Normally I’d utter some rude words about numpty bureaucrats and politicians in Brussels, Westminster and Edinburgh and go and work in the vegetable garden, but it’s blowing a hooley with squalls of rain and hail, so I’m going to escape to the polytunnel. Want to come? I promise not to growl too much.

Vegetables in the polytunnel

Vegetables in the polytunnel 13 May 2015

We grow a fairly standard mix of vegetables in the polytunnel each year. The year begins with spinach, carrots, beetroot and rocket, progressing to lettuce and salad leaves, fennel, radishes, spring onions and early salad potatoes. By-mid May we are ready to plant the tomatoes, cucumbers, French beans and courgettes. The peppers and strawberries are in pots on the bench jostling with various cuttings, seedlings, tender herbs such as lemon verbena, French tarragon and lemon grass, and pots of scented-leaved geraniums and salvias. We’ve not reached crisis point yet, but unless the weather improves we may have to impose triage and put some of the more robust plants into the tunnel out-riggers for hardening-off. Normally I have sown some of the annuals such as Cosmos and annual scabious, but unless I get a move-on it may be a waste of time. However, there is still time as our long daylight hours partially compensate for our cooler temperatures and the plants can catch-up very quickly.

Little Gem Dazzle

Little Gem Dazzle

I have my favourite list of varieties for most of the vegetables, but I can’t resist trying something new. Little gem lettuce always performs well, but this year I’ve tried a red-leaved variety (Dazzle) which is producing beautiful plants.
Each year is different and I am having problems with getting some seeds to germinate. I’m not sure if it is because I’m trying a new supplier or if it is the weather conditions. It is proving very difficult to keep the temperature reasonably constant even with a propagator. When the sun is out the temperature in the tunnel can soar to more than 30°C, even with ventilation, on other days it barely makes 15°C, and at night it can fall to around 5°C. So I’m rushing around trying to keep seed trays and seedlings cool and moist or trying to keep them warm.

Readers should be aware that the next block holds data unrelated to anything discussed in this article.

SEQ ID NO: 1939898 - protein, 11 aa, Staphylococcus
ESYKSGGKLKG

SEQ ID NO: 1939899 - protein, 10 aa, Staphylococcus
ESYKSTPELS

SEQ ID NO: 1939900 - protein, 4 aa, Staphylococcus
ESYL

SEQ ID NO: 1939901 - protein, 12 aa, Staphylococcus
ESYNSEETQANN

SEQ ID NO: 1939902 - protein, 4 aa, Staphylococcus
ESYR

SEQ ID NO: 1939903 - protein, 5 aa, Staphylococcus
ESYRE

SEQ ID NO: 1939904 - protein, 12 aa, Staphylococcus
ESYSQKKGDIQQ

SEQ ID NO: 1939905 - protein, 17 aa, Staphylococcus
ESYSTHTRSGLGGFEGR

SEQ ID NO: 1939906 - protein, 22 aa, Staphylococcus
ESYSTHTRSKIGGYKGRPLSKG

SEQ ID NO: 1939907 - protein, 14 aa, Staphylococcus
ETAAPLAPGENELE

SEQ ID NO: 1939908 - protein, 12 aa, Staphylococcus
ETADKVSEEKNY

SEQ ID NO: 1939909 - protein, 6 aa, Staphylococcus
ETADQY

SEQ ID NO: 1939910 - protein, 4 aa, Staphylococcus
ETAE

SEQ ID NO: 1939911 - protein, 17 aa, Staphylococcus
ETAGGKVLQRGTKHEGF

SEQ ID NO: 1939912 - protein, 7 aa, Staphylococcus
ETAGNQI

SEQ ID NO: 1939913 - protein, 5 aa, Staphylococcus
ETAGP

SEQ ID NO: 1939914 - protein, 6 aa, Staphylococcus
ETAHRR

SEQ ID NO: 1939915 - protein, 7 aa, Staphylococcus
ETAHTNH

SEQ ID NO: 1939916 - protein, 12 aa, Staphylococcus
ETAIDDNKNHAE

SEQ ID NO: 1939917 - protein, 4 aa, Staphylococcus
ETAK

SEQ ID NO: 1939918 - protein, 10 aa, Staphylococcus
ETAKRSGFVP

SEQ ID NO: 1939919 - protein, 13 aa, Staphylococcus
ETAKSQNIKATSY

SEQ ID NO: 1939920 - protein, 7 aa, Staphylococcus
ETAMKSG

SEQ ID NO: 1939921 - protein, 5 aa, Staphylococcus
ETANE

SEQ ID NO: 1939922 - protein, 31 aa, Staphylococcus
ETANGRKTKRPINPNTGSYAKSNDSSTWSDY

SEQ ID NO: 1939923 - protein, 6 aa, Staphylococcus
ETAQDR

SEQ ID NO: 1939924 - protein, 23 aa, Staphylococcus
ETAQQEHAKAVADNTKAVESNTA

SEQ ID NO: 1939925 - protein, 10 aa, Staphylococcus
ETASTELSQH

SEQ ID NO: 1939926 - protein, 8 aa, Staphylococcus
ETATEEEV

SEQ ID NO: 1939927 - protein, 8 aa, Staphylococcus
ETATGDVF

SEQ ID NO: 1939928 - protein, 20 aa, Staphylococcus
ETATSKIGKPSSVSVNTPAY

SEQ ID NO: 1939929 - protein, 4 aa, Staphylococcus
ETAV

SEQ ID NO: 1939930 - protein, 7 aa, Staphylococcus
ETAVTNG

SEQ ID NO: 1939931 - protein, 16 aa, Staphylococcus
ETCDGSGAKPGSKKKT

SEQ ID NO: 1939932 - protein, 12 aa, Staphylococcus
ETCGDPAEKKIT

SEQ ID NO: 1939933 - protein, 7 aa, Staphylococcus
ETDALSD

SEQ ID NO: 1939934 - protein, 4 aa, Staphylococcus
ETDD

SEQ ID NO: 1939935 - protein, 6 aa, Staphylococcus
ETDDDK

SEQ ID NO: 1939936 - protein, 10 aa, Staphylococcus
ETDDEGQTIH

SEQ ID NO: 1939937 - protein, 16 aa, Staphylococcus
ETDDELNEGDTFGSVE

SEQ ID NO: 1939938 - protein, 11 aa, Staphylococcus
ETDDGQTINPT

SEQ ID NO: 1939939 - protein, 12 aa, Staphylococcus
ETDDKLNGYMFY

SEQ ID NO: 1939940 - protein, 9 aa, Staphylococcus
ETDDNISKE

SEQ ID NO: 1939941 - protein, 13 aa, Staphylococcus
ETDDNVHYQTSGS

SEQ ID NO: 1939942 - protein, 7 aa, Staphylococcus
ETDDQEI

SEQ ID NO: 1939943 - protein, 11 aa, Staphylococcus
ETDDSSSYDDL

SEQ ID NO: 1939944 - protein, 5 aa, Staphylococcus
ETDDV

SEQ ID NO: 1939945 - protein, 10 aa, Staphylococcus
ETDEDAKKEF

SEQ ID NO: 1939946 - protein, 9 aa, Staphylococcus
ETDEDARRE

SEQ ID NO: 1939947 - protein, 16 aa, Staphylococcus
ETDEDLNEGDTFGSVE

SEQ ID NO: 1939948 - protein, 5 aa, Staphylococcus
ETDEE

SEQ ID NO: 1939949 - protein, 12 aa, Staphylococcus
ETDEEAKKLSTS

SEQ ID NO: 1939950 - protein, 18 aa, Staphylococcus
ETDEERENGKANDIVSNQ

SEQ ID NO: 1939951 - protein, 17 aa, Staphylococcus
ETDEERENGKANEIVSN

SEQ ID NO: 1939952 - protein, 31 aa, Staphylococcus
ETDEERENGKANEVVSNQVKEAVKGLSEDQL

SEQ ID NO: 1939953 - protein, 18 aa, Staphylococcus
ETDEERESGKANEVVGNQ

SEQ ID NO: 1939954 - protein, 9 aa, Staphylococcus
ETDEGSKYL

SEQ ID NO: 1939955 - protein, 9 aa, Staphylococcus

Outside the vegetable beds look desolate. The onions, shallots and potatoes are cautiously pushing shoots above ground, the first beetroot seeding have just appeared but may not survive to produce plants and as yet the parsnips and carrots have not germinated. I suspect the soil is too cold and I may have to try again. In a good year I would now be planting the first broadbeans and early peas so I’m having to resort to the alternative option of putting them in the fruit cage. The celeriac has germinated, but the plants are growing so slowly that I doubt I will get a crop this year. This is one of my winter staples, but they need a long growing season, so I am not optimistic.
Fortunately there is less doom and gloom in the fruit cages.

The red currants were pruned to single cordons in the winter and given a mulch of rotted manure and seaweed a few weeks ago. So we have splendidly healthy plants and an abundance of flowers. It has been too chilly for the bumblebees on most days, but the flies do a good job of pollinating the flowers. I know all about counting chickens, but I’m hoping for another good crop this year. Last year we replaced all our black currants with new plants (grown from hardwood cuttings). This year they have produced some flowers, so a modest crop is anticipated.
We were concerned about the two damson trees but they have survived the winter. They were pruned in the early spring and the fan shape is now emerging. Will they flower next year? Possibly, but whether they will ever produce fruit is another matter.
We also have an asparagus bed in this fruit cage and I have been eagerly awaiting the first spears. Most of the crowns have produced nice thick shoots, but I have to control my greed and wait until next year. If it is as good as it looks, then I will be planting a second bed. Asparagus, with quince and figs, is one of the things that I miss most from my last garden.
We have also been looking at the apple trees on a regular basis. They were pruned to produce the first tier while they were still dormant, so we have been waiting to see if they would shoot. They are just coming into leaf now and one tree actually produced some blossom. Did I skip up the path with a silly grin or leap into the air and shout “YES”? Well almost, a few flower buds are a long way from an apple but like the swallows sitting on the fence looking a bit glum, a sign of hope! Fortunately there is always the rhubarb to sustain us and poached rhubarb with ginger has been back on the breakfast menu since Easter.
The sky has turned an interesting colour of indigo and the wind is picking up as another squall approaches. Time to go home for tea. Fancy a cuppa? I think there may be some ginger cake in the tin.